Process Safety Isn't Automatic

Process Safety Isn't Automatic

Automation can help, but isn't foolproof.

Several disastrous incidents over the past few years within the process industry have reinforced the importance of proper safety procedures. One factor to consider in the safety equation is automation. The technology has been around for years, and manufacturers are finding ways to increase the value of their safety systems by deploying intelligent, integrated solutions. Process manufacturers are beginning to utilize integrated safety and control systems to streamline data.

"Traditionally they were diverse and separate technology, and the big trend in the industry today is [knowing] why my safety system did this or how do I get all the information I need in one place. And to do that you have to have integration between the process control and the process safety system," says Art Pietrzyk, process safety product manager, Rockwell Automation Inc.

In recent years, automation companies have purchased safety solution providers to begin integrating the two technologies, as evidenced by the Rockwell acquisition of ICS Triplex in May 2007, notes Asish Ghosh, vice president of ARC Advisory Group. And two years ago Emerson Process Management released a safety system that interfaces with its control system.

New Zealand's Austral Pacific Energy Ltd. utilizes an integrated control system that also manages the company's safety system.
Integrating the control and safety systems can help operators assess hazardous conditions more intelligently and get production back on line more quickly, according to an ARC report on a Siemens process safety system. One integrated system also helps reduce engineering and maintenance costs inherent with two disparate controllers, the ARC report concludes.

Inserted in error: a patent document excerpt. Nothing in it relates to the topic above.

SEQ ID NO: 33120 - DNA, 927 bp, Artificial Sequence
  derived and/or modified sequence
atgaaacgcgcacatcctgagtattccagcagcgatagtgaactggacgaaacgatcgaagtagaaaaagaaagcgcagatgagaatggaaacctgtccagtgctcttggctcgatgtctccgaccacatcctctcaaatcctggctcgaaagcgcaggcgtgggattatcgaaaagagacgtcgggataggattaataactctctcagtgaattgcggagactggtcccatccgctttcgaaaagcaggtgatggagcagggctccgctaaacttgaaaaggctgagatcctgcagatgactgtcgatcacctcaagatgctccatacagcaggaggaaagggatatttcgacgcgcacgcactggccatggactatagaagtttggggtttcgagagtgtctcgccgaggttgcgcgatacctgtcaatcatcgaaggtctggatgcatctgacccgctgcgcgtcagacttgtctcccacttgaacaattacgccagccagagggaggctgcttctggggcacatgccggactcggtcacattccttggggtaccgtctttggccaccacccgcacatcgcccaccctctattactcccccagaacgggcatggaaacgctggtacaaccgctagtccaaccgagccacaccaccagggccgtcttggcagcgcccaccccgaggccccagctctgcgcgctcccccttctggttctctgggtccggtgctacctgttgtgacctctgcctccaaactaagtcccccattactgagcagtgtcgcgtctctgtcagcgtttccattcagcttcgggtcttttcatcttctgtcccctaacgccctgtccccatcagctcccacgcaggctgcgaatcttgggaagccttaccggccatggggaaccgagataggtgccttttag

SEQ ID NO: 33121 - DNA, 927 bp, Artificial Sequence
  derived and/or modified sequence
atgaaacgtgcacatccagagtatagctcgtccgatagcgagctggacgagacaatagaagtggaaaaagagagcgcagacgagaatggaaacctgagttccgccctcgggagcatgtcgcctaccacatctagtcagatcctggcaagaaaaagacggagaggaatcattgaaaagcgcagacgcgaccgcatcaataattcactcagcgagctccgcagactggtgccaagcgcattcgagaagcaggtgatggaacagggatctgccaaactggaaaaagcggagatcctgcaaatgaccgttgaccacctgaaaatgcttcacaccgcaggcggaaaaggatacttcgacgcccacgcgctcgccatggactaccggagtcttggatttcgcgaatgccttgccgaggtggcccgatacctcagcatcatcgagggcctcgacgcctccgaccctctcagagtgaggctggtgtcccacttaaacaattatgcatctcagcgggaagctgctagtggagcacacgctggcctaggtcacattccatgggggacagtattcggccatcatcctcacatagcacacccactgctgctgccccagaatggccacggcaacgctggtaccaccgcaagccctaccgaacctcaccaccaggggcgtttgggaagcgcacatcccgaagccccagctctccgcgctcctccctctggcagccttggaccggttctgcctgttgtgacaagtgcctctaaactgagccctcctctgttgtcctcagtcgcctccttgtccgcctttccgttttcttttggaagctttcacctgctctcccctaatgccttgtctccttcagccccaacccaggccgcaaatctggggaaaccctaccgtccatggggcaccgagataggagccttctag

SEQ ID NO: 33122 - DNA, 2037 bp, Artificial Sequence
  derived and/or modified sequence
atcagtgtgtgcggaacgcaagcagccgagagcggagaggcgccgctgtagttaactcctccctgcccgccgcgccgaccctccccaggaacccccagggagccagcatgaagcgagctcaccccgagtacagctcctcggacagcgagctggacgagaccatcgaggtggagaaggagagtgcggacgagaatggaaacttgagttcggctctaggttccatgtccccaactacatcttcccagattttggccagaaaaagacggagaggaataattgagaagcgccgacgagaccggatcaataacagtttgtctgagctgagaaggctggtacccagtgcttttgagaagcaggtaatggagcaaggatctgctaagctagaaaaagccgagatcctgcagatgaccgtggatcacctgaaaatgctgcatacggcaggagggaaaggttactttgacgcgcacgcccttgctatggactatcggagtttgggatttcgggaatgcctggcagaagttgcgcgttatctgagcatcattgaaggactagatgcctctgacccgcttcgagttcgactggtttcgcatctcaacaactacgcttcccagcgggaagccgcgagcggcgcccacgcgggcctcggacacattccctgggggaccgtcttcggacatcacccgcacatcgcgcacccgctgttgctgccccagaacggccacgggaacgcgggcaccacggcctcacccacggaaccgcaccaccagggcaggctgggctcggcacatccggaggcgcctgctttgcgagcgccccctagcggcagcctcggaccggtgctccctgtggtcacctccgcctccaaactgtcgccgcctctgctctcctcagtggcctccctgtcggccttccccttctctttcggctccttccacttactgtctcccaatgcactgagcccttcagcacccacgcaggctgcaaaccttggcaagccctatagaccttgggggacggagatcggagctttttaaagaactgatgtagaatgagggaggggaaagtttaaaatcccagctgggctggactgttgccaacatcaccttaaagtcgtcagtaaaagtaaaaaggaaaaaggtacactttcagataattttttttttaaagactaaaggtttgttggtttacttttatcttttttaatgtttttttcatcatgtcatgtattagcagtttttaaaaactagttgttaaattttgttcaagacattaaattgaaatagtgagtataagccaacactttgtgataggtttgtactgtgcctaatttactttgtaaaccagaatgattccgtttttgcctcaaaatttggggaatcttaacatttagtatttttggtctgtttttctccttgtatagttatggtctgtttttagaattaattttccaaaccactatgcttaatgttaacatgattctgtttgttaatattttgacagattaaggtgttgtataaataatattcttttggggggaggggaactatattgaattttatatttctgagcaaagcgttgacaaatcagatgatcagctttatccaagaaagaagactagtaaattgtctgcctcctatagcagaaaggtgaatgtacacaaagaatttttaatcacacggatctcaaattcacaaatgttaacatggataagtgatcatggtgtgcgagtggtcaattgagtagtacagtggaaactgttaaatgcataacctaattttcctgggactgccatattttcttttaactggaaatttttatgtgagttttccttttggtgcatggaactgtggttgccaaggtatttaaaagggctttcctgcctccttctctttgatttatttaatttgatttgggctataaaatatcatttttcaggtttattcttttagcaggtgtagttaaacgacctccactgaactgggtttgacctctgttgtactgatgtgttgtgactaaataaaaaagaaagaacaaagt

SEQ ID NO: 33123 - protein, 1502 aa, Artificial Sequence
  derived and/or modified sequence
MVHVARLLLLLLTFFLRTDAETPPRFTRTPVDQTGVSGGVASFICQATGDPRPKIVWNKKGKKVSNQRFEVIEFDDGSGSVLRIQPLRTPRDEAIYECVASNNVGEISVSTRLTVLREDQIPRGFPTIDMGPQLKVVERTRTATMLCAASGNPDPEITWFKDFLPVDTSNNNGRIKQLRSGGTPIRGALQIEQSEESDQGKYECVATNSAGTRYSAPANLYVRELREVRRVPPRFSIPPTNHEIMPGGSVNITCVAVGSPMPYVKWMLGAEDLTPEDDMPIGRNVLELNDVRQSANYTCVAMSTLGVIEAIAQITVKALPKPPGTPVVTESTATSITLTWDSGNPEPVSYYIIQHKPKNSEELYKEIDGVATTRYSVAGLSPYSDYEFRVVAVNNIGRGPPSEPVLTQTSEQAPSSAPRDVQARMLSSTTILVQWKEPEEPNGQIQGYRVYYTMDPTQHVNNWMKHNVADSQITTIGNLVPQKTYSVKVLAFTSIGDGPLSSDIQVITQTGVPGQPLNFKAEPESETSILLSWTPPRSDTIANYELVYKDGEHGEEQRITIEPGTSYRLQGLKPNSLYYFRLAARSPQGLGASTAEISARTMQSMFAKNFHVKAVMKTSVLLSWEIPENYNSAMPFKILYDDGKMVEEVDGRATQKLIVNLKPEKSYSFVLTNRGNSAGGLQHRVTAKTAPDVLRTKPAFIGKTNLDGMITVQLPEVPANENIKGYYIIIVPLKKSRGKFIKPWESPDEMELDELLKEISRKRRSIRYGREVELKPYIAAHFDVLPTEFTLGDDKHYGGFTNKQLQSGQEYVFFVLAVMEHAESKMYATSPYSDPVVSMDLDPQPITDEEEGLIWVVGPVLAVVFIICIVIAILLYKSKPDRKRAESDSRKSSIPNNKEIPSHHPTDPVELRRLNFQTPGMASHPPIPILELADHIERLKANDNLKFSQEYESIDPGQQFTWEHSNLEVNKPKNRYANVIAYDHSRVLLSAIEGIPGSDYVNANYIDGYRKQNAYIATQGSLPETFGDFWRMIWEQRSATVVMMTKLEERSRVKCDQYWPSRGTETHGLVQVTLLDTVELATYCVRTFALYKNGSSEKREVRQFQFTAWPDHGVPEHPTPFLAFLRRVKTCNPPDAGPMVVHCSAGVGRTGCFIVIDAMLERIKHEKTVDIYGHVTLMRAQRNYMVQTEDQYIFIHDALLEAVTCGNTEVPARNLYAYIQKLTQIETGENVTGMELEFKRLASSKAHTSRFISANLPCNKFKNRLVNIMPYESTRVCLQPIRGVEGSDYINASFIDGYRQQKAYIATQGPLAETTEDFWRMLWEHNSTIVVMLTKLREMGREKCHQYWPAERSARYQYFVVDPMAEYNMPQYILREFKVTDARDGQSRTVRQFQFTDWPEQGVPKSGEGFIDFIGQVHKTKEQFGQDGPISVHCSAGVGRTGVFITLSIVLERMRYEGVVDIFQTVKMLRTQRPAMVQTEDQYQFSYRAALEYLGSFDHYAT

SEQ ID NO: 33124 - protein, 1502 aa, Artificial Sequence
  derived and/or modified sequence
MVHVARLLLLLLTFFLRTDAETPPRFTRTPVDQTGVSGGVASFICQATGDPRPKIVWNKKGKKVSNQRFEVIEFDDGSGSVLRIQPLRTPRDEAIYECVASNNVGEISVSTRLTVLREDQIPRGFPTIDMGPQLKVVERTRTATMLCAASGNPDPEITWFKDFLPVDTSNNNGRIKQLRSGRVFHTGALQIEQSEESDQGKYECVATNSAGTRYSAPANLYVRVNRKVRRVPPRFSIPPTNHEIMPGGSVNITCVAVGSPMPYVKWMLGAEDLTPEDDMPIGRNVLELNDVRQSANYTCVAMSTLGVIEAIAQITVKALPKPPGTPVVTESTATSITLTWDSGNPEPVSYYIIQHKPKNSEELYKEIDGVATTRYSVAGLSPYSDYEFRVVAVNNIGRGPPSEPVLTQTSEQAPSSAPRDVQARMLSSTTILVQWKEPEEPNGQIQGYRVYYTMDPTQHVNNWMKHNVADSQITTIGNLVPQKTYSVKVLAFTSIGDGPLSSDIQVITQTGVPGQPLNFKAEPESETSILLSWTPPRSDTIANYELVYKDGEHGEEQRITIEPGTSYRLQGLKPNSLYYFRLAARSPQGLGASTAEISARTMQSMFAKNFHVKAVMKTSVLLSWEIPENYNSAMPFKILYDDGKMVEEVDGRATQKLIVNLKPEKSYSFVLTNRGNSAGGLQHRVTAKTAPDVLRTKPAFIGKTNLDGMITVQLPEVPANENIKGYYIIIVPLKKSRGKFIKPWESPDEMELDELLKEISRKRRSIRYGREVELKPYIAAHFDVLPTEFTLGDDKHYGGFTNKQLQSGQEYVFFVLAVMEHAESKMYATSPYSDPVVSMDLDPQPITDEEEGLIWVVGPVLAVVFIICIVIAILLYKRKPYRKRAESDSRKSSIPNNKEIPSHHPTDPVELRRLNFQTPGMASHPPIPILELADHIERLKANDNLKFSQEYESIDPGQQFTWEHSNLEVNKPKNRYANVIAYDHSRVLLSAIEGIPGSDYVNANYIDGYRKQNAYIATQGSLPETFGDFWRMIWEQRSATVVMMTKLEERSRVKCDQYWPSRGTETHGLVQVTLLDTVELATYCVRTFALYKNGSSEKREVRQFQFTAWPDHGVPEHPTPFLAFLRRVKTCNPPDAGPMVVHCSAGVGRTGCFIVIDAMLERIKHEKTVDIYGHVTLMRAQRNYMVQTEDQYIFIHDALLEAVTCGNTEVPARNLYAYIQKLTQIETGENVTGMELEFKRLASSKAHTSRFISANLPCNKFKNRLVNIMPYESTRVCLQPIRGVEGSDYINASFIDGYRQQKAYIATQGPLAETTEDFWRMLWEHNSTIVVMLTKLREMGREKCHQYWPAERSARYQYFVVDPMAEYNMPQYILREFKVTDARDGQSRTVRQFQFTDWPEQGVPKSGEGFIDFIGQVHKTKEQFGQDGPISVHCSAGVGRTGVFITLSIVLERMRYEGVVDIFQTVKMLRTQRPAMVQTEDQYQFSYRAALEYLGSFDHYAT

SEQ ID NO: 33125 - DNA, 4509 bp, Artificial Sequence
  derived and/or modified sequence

Bringing the two systems together will have little impact on overall plant safety, though. That responsibility primarily rests with the plant personnel. "It's not just putting the safety systems in place, but it's also following the proper procedures," Ghosh says. "Safety systems are there, but human error is [typically] the cause of the problem, so the big push now is for a greater safety culture."

On The Hot Seat

"If OSHA had acted and if the industry itself had paid more attention possibly this incident would not have happened. It should not have happened. These people should not have been killed."

-- Carolyn Merritt, former head of the U.S. Chemical Safety Board, speaking on "60 Minutes" about the Imperial Sugar Refinery fire near Savannah, Ga.

Pietrzyk agrees that automation systems can only do so much to prevent disasters, such as BP's Texas City refinery fire in 2005 and the Imperial Sugar refinery explosion in Georgia in February 2008. "First off, the problem with all of those, including the historic ones, has never been technology, so is there a technology that overcomes stupidity? I don't know," Pietrzyk says. "What will overcome some of the problems is re-analysis of a safety situation by periodically testing to make sure things are still working -- and part of that lifecycle is the human element."

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